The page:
We Are the Bitches

Last year, I’m at a warehouse party in Bushwick, and this dude comes up to me, and he’s like ‘Horvath! We went to middle school together. East Lansing!’ And I’m like, ‘Oh my god, remember how crazy Mr. Lasky’s class was? He was basically trying to molest me.’ You know what this kid said? He looks at me in the middle of this fucking party, like he’s a judge, and goes, ‘That’s a very serious accusation, Hannah.’ And he walked away. And there I am, and I’m just 11 again, and I’m just getting my fucking neck rubbed. Because that stuff never goes away. (“American Bitch”, Girls).

I finally got around to watching the latest Girls episode “American Bitch” — and it’s a masterpiece. That last frame, capturing a slew of women walking towards Chuck Palmer’s (Matthew Rhys) honey-trap of an apartment, was the perfect, haunting final image to one of the most unique television experiences I’ve ever watched. And I watch a lot of TV.

Not since the brutal rape scene in Outlander’s “Wentworth Prison” did I feel so defiled. And, in a way, Lena Dunham’s masterful writing is a physiological exercise meant to say exactly that about women’s experiences with (powerful) men. You don’t have to hold someone in a literal cell and rape them in order to violate them. And that feeling of violation never goes away.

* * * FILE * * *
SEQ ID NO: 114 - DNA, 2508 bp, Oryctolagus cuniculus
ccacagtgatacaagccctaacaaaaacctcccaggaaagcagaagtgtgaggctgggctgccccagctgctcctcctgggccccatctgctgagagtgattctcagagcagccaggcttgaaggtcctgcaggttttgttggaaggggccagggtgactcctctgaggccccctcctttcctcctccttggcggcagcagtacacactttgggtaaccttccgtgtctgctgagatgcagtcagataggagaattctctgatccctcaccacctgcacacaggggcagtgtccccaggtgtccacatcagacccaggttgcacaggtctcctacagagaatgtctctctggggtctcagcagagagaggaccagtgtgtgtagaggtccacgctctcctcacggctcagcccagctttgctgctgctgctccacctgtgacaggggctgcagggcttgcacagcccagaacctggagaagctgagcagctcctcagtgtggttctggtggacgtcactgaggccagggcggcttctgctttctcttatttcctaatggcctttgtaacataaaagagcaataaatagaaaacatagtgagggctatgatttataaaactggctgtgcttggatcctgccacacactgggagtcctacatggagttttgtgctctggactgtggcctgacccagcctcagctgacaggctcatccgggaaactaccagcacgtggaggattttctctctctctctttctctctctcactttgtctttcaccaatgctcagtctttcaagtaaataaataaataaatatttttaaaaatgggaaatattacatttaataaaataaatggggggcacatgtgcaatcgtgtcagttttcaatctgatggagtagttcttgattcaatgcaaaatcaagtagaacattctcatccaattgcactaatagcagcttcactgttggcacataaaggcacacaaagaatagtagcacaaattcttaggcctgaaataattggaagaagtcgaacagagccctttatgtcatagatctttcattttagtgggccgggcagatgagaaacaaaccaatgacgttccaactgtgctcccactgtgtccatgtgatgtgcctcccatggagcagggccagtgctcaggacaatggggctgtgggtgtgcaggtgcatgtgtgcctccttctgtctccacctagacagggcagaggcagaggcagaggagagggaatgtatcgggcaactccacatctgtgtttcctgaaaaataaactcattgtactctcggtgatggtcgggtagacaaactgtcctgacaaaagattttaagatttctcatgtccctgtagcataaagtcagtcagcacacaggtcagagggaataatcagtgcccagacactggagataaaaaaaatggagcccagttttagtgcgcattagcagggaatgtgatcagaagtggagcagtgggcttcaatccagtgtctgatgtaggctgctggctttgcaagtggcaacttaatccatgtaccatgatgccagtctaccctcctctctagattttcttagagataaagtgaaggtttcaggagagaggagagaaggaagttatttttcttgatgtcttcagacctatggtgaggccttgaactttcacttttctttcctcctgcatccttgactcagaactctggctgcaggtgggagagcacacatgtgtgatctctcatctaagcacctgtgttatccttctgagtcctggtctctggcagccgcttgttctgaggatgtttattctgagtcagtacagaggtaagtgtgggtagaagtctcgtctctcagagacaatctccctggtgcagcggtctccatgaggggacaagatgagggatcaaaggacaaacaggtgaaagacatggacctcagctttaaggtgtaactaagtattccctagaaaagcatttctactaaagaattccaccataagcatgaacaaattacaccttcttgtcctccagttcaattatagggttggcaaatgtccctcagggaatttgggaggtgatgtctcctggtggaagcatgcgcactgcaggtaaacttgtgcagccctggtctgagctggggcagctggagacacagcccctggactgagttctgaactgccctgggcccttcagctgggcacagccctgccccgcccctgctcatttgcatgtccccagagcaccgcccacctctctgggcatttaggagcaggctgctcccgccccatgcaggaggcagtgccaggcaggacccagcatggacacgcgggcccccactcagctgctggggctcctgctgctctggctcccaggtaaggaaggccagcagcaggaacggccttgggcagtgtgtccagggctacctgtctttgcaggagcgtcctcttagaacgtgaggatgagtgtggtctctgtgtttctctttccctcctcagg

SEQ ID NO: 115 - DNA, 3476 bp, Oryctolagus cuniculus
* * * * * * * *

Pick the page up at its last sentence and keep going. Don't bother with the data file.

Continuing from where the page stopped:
Inadvertently, or intentionally, the episode aired the same night Casey Affleck and Mel Gibson were sitting in their black suites at the 89th Academy Awards, both nominated. Both powerful men. Men who have money, charm. Men who have both been accused of hurting women.

A certain resemblance?

As Girls suggests, Chuck’s behavior, just like Affleck’s and Gibson’s alleged actions, wasn’t triggered because he was simply “horny.” As The Atlantic put it — “It’s simply because he can be this way. Because he is successful and male, he can put women in spots like the one he put Hannah in. He can expect them to often consent, queasily or not. He can even expect that other men will tell the women not to complain about it later.”

I don’t know one woman who has not experienced some sort of sexual harassment at least one time throughout her career, let alone her life. Harassment doesn’t necessary mean rape, you know. It can be inappropriate contact. Innuendos. Sexual advances. Nicknames. Comments. Compliments.

Yes, it can be all of those. And yes, I can see how you might be confused. How can men hit on women (why does that term also sound violent?)? How can relationships form? Where is the line drawn?